“Aren’t you worried what might have happened to them?”
“What’s the point in worrying? If they’re very lucky, they’ll survive. If not…Girls are born to suffer. It’s too bad they’re not boys.”
Xinran is a Chinese journalist who has compilied the stories of Chinese women who have had to give up or abandon their daughters because of political, economic, or social and cultural reasons. The women’s stories may have varying circumstances but the overwhelming pain permeates each story. Due in part to the one-child policy, economic hardships, and the desire to have a male heir to carry on the family name and spiritual duties, many women are forced to abandon or kill their daughters. What I could appreciate most about these stories is that Xinran invites the reader to get a better understanding of the many forces at work behind these heartrenching decisions. Xinran at times marvels over her lack of understanding and naiveness of the many cultures and ideas that exist in the country where she grew up. We see that these mothers are not heartless and cruel but are operating under tense and mostly inflexible constructions. These women range from students to the richest and the poorest, they are educated, they are all of us. There are even families who try to evade the authorities by travelling constantly so that they can keep their girls. These “extra-birth guerilla troops” risk everything to keep their families together. The women Xinran writes about greive for their lost daughters but know that they must not bring shame to the family or disobey the policies. It’s very hard to do this book or an explanation of the culture any justice, but just know that reading it will bring about a new understanding that you would never get from Western media.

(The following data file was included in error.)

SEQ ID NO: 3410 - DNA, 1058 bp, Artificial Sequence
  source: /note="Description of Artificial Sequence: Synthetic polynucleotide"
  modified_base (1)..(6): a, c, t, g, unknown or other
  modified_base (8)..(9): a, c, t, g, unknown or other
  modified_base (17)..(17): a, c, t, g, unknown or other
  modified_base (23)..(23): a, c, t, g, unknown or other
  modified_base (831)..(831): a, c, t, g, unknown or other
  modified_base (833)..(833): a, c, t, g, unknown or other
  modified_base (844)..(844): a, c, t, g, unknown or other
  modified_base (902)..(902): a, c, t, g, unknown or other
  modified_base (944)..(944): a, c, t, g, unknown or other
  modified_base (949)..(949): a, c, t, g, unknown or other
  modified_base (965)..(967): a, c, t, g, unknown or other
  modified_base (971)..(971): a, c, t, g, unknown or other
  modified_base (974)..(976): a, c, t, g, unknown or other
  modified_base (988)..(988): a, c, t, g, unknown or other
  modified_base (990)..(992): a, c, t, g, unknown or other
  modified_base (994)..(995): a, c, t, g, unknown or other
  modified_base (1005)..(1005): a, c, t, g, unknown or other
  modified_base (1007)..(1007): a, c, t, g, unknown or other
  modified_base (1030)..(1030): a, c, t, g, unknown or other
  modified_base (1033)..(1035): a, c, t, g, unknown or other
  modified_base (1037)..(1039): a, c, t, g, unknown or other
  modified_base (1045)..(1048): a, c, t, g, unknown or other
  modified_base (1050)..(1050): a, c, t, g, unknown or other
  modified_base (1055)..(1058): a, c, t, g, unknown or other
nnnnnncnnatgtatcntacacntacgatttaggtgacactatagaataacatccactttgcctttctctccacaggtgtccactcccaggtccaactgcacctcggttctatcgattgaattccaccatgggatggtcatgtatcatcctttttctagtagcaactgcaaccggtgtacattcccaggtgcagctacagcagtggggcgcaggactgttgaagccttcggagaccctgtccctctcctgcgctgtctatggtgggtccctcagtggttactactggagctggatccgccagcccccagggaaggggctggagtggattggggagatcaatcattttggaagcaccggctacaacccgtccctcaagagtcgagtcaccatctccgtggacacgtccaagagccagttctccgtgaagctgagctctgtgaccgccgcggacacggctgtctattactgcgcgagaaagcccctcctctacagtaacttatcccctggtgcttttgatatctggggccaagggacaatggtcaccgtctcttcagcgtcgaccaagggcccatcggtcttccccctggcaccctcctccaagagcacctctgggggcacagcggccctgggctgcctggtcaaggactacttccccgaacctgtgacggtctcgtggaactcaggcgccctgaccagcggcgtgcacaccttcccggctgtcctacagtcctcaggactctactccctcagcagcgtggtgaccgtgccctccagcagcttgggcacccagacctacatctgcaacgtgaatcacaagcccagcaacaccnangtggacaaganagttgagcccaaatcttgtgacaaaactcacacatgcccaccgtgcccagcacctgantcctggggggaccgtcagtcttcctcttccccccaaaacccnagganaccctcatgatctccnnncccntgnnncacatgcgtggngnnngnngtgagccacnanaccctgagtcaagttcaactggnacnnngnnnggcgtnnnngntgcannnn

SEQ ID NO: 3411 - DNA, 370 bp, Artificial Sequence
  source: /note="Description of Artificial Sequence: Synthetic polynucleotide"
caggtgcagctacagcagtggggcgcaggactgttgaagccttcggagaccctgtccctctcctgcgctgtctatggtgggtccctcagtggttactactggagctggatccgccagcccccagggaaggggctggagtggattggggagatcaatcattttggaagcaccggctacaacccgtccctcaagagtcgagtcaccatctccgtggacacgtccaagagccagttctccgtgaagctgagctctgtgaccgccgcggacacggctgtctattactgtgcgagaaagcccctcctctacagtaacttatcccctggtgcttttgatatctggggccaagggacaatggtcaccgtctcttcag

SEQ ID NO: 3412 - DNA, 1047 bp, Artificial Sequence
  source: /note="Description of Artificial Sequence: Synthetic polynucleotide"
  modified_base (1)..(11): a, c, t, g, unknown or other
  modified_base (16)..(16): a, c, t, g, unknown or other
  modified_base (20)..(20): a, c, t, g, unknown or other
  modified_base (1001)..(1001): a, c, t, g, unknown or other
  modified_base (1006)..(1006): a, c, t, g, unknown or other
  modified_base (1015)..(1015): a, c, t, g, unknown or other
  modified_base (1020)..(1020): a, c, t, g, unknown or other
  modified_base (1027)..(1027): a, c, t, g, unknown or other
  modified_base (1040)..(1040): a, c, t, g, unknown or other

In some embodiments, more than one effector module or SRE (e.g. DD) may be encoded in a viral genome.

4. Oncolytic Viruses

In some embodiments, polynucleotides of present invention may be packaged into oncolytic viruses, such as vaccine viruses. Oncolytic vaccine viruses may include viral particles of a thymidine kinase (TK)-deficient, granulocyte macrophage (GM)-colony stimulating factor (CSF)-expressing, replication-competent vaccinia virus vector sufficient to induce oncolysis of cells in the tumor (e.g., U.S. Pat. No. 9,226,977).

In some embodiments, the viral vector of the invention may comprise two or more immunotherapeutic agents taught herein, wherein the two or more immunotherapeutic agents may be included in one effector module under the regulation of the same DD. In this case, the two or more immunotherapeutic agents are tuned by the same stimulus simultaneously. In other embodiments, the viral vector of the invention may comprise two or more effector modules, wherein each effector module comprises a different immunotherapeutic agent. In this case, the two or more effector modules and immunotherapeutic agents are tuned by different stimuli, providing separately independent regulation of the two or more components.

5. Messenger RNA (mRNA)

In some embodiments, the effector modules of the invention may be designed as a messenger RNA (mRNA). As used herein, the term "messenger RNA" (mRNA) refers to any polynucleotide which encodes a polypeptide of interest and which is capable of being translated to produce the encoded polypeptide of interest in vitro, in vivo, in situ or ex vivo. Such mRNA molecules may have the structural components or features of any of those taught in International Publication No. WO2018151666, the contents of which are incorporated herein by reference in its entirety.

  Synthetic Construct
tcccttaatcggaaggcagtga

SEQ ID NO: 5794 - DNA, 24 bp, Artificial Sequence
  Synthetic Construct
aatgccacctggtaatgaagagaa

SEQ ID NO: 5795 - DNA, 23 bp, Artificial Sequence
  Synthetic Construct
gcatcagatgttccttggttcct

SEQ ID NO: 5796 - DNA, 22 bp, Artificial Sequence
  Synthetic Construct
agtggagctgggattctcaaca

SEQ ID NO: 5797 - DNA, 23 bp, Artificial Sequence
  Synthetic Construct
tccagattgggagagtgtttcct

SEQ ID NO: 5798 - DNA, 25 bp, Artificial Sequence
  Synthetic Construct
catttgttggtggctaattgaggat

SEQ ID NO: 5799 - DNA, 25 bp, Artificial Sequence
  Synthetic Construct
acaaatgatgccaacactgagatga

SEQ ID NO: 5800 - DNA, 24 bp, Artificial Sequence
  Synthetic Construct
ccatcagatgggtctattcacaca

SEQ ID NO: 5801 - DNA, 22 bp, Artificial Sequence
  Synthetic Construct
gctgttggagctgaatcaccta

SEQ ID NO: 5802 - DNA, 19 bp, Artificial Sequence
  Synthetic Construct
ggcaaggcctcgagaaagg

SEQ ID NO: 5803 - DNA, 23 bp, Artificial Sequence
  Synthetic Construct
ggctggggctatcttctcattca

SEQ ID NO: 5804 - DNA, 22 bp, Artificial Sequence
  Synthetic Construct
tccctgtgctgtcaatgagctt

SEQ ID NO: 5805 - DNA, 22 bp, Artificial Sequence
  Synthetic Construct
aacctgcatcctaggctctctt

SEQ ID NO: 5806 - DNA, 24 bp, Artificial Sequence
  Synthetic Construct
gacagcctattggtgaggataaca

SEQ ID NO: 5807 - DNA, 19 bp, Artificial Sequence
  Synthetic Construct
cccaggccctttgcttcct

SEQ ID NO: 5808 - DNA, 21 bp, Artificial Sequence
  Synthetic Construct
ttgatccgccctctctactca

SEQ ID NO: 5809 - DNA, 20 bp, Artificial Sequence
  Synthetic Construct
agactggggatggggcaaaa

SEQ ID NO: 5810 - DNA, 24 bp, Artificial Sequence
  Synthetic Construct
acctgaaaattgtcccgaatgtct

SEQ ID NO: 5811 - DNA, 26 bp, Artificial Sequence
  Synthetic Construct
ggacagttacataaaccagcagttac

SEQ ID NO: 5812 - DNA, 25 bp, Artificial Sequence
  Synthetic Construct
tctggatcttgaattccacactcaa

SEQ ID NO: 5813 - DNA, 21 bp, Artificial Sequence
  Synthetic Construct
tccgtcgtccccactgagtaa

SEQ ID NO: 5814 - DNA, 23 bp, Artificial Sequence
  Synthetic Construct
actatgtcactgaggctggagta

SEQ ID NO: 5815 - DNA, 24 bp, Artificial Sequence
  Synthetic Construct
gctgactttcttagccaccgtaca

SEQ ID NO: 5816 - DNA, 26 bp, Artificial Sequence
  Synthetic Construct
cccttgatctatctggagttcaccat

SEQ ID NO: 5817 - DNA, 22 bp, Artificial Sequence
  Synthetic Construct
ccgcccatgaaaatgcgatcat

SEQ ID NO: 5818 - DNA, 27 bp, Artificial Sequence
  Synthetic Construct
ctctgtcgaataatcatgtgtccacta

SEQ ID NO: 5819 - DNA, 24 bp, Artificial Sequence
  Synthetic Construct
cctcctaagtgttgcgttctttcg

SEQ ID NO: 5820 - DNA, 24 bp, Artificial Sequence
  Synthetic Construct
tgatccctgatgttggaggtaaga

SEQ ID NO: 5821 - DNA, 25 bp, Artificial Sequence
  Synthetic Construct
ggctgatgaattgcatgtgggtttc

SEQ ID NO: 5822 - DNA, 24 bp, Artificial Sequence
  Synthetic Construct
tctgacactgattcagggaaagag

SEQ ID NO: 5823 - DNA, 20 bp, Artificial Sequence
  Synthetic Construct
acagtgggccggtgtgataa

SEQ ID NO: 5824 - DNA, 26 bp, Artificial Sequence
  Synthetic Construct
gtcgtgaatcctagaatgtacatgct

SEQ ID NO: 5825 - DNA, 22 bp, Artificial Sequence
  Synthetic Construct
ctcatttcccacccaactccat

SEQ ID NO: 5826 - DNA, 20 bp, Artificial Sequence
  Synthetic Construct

There is a scene in the one of the stories that remains with me. An orphanage worker remembers the babies that are brought to the steps of the building. Some of them have a small X on their pinky, some have their familiy history and stories or poems and words of love written on their clothes, some mothers have embroidered elaborate pictures on their clothing. It as if the mothers hope to be reunited one day or to at least have the baby know where they come from and and that hey were loved once they are old enough.
The collection of stories as told to Xinran by the women themselves, serves a few purposes. They are to help Chinese children who have been adopted to understand the circumstances their mothers may have faced in giving them up, they are to help adoptive families to obtain a bit of information about their children’s familial culture, they are to help Westerners and outside cultures to understand how social structures and economic and political climate influence the actions of a country. These stories also serve as a place of healing for the author herself, who was not adopted as a child but says she barely knew her parents (because of their involvement and circumstances related to the communist party at the time) and still feels the strains from what she sees as a lack of love and displays of affection. Xinran also recounts the story of fostering an abandoned baby girl, whom she had to give up to adhere to the one-child policy.
These stories were amazing on so many levels. I think I can safely say that all of us at bookclub have had our eyes and hearts opened, we’ve had our ideas and convictions changed a bit.
As we said good-bye, Mary said to me: Print what I said, please, so those little girls can read it and will never forget their Chinese mothers.”
Posts this week and next will be devoted to some of the things I missed discussing during my blog absence.